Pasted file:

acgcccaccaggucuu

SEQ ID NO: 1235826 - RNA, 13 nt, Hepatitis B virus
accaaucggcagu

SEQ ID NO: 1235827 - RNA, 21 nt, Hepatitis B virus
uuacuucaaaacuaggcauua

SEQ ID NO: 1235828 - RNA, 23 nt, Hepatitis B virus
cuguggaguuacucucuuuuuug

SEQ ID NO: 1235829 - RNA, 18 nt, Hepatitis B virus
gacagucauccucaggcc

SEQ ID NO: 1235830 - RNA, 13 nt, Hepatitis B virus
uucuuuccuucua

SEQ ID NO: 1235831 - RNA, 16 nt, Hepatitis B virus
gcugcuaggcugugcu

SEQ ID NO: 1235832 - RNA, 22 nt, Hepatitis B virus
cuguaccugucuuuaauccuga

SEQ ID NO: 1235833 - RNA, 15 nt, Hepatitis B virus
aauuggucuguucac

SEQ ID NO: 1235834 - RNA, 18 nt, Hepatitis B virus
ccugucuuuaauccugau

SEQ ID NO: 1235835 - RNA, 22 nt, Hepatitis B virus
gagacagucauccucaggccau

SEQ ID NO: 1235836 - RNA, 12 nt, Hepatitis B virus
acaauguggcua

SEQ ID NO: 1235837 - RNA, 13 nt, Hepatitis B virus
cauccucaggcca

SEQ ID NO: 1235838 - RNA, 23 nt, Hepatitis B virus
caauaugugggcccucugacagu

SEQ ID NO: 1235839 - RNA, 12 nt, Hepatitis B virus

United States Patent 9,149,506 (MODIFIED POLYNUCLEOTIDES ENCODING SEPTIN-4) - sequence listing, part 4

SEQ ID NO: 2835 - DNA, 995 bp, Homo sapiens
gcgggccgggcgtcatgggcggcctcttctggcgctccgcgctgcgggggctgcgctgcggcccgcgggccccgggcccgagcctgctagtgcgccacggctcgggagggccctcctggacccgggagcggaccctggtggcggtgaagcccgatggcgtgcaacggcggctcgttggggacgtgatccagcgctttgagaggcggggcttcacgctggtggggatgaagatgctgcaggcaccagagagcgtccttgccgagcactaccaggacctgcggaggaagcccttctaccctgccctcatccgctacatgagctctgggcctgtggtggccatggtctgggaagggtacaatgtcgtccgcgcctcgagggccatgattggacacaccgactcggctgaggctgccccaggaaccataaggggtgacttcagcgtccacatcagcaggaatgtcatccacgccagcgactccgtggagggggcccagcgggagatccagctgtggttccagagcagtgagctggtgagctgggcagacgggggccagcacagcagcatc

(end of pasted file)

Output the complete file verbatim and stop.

acgcccaccaggucuu

SEQ ID NO: 1235826 - RNA, 13 nt, Hepatitis B virus
accaaucggcagu

SEQ ID NO: 1235827 - RNA, 21 nt, Hepatitis B virus
uuacuucaaaacuaggcauua

SEQ ID NO: 1235828 - RNA, 23 nt, Hepatitis B virus
cuguggaguuacucucuuuuuug

SEQ ID NO: 1235829 - RNA, 18 nt, Hepatitis B virus
gacagucauccucaggcc

SEQ ID NO: 1235830 - RNA, 13 nt, Hepatitis B virus
uucuuuccuucua

SEQ ID NO: 1235831 - RNA, 16 nt, Hepatitis B virus
gcugcuaggcugugcu

SEQ ID NO: 1235832 - RNA, 22 nt, Hepatitis B virus
cuguaccugucuuuaauccuga

SEQ ID NO: 1235833 - RNA, 15 nt, Hepatitis B virus
aauuggucuguucac

SEQ ID NO: 1235834 - RNA, 18 nt, Hepatitis B virus
ccugucuuuaauccugau

SEQ ID NO: 1235835 - RNA, 22 nt, Hepatitis B virus
gagacagucauccucaggccau

SEQ ID NO: 1235836 - RNA, 12 nt, Hepatitis B virus
acaauguggcua

SEQ ID NO: 1235837 - RNA, 13 nt, Hepatitis B virus
cauccucaggcca

SEQ ID NO: 1235838 - RNA, 23 nt, Hepatitis B virus
caauaugugggcccucugacagu

SEQ ID NO: 1235839 - RNA, 12 nt, Hepatitis B virus

United States Patent 9,149,506 (MODIFIED POLYNUCLEOTIDES ENCODING SEPTIN-4) - sequence listing, part 4

SEQ ID NO: 2835 - DNA, 995 bp, Homo sapiens
gcgggccgggcgtcatgggcggcctcttctggcgctccgcgctgcgggggctgcgctgcggcccgcgggccccgggcccgagcctgctagtgcgccacggctcgggagggccctcctggacccgggagcggaccctggtggcggtgaagcccgatggcgtgcaacggcggctcgttggggacgtgatccagcgctttgagaggcggggcttcacgctggtggggatgaagatgctgcaggcaccagagagcgtccttgccgagcactaccaggacctgcggaggaagcccttctaccctgccctcatccgctacatgagctctgggcctgtggtggccatggtctgggaagggtacaatgtcgtccgcgcctcgagggccatgattggacacaccgactcggctgaggctgccccaggaaccataaggggtgacttcagcgtccacatcagcaggaatgtcatccacgccagcgactccgtggagggggcccagcgggagatccagctgtggttccagagcagtgagctggtgagctgggcagacgggggccagcacagcagcatc